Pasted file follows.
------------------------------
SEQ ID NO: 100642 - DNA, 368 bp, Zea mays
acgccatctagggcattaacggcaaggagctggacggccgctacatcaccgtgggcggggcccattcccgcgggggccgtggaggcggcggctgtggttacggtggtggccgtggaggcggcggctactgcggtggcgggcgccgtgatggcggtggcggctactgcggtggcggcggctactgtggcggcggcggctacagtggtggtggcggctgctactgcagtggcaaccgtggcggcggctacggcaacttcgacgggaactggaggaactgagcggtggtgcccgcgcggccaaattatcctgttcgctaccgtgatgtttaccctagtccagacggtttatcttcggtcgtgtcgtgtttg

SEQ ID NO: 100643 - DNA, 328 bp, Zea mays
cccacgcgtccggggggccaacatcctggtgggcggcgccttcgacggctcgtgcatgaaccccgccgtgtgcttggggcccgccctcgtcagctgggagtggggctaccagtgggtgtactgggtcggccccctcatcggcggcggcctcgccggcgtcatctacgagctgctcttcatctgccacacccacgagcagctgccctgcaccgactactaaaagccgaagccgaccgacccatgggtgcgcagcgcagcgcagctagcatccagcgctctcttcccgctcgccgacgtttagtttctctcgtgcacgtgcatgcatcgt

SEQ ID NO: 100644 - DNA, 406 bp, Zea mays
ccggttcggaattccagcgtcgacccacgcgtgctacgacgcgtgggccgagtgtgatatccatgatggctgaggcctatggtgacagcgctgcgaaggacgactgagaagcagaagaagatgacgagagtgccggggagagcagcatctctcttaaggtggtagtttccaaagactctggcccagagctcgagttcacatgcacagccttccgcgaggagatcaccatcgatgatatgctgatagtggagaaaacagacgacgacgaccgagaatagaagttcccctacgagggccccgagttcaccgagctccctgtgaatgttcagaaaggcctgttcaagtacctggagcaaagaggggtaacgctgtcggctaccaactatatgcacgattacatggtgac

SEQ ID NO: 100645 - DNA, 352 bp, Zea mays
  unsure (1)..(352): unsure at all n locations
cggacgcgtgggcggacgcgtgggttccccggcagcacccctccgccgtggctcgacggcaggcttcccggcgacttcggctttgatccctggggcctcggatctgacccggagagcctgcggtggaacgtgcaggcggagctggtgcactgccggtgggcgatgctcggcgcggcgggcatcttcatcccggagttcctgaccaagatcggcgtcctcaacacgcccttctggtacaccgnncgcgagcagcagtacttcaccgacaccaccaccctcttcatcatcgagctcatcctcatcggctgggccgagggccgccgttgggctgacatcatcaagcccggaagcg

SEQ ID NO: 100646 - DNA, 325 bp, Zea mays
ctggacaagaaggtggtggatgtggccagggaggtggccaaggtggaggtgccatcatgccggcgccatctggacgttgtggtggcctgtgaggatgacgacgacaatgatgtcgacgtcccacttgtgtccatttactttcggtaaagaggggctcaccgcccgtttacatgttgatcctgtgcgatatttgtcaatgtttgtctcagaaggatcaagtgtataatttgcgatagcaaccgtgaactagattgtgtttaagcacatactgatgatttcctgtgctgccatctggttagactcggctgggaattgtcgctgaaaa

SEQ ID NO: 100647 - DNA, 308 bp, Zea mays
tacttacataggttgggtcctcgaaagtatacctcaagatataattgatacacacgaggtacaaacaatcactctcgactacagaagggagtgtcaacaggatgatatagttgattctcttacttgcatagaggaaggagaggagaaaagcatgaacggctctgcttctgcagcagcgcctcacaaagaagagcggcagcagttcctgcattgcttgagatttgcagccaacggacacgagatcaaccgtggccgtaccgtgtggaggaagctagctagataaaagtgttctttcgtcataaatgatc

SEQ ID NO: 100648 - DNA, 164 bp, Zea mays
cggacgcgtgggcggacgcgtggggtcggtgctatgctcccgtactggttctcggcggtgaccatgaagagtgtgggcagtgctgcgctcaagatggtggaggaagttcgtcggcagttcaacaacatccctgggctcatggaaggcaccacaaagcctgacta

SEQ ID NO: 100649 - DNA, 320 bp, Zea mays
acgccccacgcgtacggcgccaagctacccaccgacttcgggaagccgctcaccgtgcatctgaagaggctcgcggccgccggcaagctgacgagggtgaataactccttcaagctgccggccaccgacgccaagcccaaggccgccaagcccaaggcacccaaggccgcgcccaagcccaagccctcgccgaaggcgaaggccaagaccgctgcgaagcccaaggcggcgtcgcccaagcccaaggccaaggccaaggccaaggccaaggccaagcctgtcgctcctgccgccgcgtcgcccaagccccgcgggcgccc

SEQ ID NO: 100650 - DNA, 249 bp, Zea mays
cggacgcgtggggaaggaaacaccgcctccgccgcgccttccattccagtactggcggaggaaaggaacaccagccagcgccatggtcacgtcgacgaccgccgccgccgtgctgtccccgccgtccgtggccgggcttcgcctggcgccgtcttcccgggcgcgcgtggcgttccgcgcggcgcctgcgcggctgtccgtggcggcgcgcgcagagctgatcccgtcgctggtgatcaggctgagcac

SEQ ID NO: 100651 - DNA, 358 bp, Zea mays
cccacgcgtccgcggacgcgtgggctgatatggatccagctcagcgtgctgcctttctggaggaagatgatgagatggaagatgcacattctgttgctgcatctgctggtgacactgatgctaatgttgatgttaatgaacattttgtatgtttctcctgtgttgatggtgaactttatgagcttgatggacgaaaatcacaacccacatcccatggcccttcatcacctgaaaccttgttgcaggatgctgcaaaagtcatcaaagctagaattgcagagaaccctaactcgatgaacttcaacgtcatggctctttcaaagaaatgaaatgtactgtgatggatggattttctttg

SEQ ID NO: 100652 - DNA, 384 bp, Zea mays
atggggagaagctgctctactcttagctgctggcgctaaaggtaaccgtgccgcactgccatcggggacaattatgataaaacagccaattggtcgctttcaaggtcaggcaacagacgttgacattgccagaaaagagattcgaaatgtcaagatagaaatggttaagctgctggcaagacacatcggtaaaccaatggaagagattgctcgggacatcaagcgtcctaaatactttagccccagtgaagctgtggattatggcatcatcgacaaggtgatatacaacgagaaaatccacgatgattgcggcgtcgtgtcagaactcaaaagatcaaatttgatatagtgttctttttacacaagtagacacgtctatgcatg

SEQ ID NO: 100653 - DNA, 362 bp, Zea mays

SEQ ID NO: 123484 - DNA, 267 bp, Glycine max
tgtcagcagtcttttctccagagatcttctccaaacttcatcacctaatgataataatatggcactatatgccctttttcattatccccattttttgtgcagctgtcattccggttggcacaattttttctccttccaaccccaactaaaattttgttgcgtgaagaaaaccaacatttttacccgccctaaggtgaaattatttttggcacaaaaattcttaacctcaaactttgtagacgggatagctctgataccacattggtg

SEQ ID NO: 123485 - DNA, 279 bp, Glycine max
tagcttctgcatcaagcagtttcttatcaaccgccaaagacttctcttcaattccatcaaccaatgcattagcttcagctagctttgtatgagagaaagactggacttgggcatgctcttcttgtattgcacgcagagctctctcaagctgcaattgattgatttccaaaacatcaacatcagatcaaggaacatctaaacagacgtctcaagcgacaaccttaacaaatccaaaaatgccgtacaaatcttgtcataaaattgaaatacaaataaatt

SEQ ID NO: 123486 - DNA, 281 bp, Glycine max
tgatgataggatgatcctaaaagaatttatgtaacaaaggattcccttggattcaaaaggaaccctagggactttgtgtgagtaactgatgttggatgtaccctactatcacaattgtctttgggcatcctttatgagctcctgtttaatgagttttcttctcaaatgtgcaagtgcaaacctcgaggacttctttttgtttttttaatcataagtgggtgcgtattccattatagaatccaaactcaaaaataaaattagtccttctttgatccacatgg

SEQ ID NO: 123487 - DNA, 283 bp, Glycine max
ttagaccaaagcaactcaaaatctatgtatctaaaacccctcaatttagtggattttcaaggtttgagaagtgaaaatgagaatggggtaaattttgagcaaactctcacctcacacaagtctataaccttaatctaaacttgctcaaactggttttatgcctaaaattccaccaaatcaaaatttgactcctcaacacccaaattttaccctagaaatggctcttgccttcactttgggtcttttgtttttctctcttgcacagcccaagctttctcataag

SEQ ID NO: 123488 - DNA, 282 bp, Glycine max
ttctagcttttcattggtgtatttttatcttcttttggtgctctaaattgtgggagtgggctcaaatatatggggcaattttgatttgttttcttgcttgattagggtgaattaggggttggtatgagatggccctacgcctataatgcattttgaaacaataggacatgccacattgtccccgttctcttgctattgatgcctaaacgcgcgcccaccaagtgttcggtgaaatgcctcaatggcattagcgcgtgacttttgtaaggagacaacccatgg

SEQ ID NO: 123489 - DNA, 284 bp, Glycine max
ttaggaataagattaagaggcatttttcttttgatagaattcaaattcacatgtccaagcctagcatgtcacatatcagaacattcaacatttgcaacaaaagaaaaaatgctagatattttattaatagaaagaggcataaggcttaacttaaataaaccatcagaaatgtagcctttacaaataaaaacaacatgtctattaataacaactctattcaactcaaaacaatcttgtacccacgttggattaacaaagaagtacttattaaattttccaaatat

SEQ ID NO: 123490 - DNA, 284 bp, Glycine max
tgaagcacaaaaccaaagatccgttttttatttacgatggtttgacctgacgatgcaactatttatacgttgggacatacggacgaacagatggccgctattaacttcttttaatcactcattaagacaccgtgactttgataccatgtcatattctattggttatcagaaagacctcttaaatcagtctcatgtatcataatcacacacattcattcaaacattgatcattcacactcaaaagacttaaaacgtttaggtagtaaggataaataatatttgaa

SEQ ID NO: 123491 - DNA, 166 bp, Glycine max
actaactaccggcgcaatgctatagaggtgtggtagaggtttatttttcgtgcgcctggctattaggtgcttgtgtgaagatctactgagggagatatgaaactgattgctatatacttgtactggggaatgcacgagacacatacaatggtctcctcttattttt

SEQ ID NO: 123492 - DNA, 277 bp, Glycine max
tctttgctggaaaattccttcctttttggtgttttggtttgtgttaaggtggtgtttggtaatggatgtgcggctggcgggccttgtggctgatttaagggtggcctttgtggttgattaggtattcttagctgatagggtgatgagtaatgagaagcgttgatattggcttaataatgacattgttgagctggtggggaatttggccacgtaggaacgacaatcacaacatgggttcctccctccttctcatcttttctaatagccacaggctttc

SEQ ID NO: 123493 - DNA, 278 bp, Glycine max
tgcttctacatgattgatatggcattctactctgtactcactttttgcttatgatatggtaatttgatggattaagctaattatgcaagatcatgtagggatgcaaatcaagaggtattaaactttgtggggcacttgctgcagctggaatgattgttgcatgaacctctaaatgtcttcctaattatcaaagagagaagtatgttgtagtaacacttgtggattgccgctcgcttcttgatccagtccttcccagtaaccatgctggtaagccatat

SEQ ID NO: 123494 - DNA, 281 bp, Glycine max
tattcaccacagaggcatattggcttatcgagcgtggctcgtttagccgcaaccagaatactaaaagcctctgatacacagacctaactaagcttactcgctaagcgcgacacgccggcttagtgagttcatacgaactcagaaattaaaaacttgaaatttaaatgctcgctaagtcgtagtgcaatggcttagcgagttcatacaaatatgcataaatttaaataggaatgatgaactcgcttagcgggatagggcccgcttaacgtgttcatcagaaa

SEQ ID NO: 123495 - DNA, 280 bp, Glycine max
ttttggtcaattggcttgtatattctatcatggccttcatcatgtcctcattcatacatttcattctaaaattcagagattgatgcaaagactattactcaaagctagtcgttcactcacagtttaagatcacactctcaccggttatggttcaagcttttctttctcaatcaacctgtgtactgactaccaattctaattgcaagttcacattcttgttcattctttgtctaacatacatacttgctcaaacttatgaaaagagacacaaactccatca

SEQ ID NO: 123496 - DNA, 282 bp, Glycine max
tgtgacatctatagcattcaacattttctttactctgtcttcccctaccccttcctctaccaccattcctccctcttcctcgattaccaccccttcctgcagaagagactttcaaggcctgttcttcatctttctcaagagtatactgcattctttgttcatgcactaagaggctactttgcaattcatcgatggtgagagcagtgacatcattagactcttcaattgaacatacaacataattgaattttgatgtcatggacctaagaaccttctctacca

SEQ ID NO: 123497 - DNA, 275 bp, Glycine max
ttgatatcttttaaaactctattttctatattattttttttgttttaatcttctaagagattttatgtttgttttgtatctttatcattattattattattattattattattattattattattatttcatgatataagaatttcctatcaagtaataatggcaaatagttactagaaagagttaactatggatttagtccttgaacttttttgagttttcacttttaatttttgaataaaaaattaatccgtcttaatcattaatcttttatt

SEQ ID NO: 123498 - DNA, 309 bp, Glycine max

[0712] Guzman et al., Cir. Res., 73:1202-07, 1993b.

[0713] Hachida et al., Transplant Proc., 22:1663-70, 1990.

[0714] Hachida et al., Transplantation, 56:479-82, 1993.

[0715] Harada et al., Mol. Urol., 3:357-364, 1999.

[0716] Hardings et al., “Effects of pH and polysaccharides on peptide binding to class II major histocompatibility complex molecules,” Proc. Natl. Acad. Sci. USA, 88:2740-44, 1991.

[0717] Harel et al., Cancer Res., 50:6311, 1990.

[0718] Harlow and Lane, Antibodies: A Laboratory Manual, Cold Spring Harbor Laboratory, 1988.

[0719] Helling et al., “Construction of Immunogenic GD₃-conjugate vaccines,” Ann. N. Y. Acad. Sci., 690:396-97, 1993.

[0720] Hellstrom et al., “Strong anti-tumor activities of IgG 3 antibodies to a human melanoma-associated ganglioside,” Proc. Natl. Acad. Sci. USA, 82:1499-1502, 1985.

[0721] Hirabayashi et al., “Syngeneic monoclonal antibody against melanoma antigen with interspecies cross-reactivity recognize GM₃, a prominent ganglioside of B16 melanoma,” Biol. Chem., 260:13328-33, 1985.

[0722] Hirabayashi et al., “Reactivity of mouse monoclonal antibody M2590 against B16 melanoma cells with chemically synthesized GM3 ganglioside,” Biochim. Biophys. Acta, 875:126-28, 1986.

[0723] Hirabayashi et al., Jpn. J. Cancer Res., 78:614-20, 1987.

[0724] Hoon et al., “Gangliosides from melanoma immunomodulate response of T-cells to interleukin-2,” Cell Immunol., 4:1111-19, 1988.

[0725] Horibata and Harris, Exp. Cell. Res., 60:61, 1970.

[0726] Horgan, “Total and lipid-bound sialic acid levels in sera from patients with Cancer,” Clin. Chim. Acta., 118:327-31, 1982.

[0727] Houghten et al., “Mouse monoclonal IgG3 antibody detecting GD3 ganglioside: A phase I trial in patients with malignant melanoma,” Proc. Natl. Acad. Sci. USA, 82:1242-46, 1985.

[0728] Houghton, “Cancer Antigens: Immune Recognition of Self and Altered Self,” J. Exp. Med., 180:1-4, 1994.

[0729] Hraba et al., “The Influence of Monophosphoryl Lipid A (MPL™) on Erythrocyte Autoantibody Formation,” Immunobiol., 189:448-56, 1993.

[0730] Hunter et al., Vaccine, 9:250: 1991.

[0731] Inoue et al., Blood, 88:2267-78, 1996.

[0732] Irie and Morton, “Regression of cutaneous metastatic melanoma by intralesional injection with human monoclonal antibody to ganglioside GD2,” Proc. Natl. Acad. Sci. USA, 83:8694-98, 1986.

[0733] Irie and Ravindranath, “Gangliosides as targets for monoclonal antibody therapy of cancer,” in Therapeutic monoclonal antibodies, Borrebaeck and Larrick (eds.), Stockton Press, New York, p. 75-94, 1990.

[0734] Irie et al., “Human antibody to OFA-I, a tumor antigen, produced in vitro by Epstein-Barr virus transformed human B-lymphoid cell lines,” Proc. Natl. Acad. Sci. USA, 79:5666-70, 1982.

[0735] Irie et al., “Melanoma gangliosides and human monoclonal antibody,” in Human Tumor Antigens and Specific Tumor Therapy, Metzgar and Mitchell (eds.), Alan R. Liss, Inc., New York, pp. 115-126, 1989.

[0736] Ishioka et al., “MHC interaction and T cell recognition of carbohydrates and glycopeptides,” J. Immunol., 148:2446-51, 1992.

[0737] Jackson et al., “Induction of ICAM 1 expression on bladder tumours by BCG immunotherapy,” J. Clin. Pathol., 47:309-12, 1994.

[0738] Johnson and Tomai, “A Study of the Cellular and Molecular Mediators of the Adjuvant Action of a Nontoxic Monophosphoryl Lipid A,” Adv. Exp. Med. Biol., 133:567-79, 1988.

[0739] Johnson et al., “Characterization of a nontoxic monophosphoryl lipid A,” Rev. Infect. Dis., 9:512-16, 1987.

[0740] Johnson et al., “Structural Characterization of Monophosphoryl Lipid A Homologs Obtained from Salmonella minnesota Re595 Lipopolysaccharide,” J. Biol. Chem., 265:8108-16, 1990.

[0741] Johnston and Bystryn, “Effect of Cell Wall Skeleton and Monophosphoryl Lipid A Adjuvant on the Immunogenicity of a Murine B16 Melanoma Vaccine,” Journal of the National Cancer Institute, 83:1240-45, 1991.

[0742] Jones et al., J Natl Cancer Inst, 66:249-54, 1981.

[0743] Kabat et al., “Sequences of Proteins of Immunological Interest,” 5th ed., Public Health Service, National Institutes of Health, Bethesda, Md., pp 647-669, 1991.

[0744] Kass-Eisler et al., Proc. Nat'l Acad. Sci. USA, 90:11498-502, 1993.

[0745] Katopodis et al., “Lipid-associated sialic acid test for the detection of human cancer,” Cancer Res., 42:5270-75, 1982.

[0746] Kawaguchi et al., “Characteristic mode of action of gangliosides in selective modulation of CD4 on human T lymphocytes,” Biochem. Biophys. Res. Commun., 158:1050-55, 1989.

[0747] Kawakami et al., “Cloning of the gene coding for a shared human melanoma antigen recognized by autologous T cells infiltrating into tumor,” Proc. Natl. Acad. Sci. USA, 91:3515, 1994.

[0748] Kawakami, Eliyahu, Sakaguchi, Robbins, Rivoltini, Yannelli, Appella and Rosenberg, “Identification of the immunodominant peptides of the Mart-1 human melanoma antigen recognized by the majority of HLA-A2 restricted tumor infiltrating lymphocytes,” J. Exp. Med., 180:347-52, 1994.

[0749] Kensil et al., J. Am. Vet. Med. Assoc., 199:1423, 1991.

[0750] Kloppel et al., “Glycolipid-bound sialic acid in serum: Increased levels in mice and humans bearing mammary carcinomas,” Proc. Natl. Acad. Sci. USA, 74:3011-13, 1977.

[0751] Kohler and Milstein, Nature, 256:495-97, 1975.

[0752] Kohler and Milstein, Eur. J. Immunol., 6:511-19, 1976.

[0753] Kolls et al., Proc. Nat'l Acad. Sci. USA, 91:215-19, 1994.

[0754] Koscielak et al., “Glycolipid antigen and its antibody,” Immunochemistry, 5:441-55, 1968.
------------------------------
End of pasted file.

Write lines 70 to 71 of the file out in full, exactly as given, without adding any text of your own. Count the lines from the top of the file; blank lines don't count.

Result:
[0728] Houghton, “Cancer Antigens: Immune Recognition of Self and Altered Self,” J. Exp. Med., 180:1-4, 1994.

[0729] Hraba et al., “The Influence of Monophosphoryl Lipid A (MPL™) on Erythrocyte Autoantibody Formation,” Immunobiol., 189:448-56, 1993.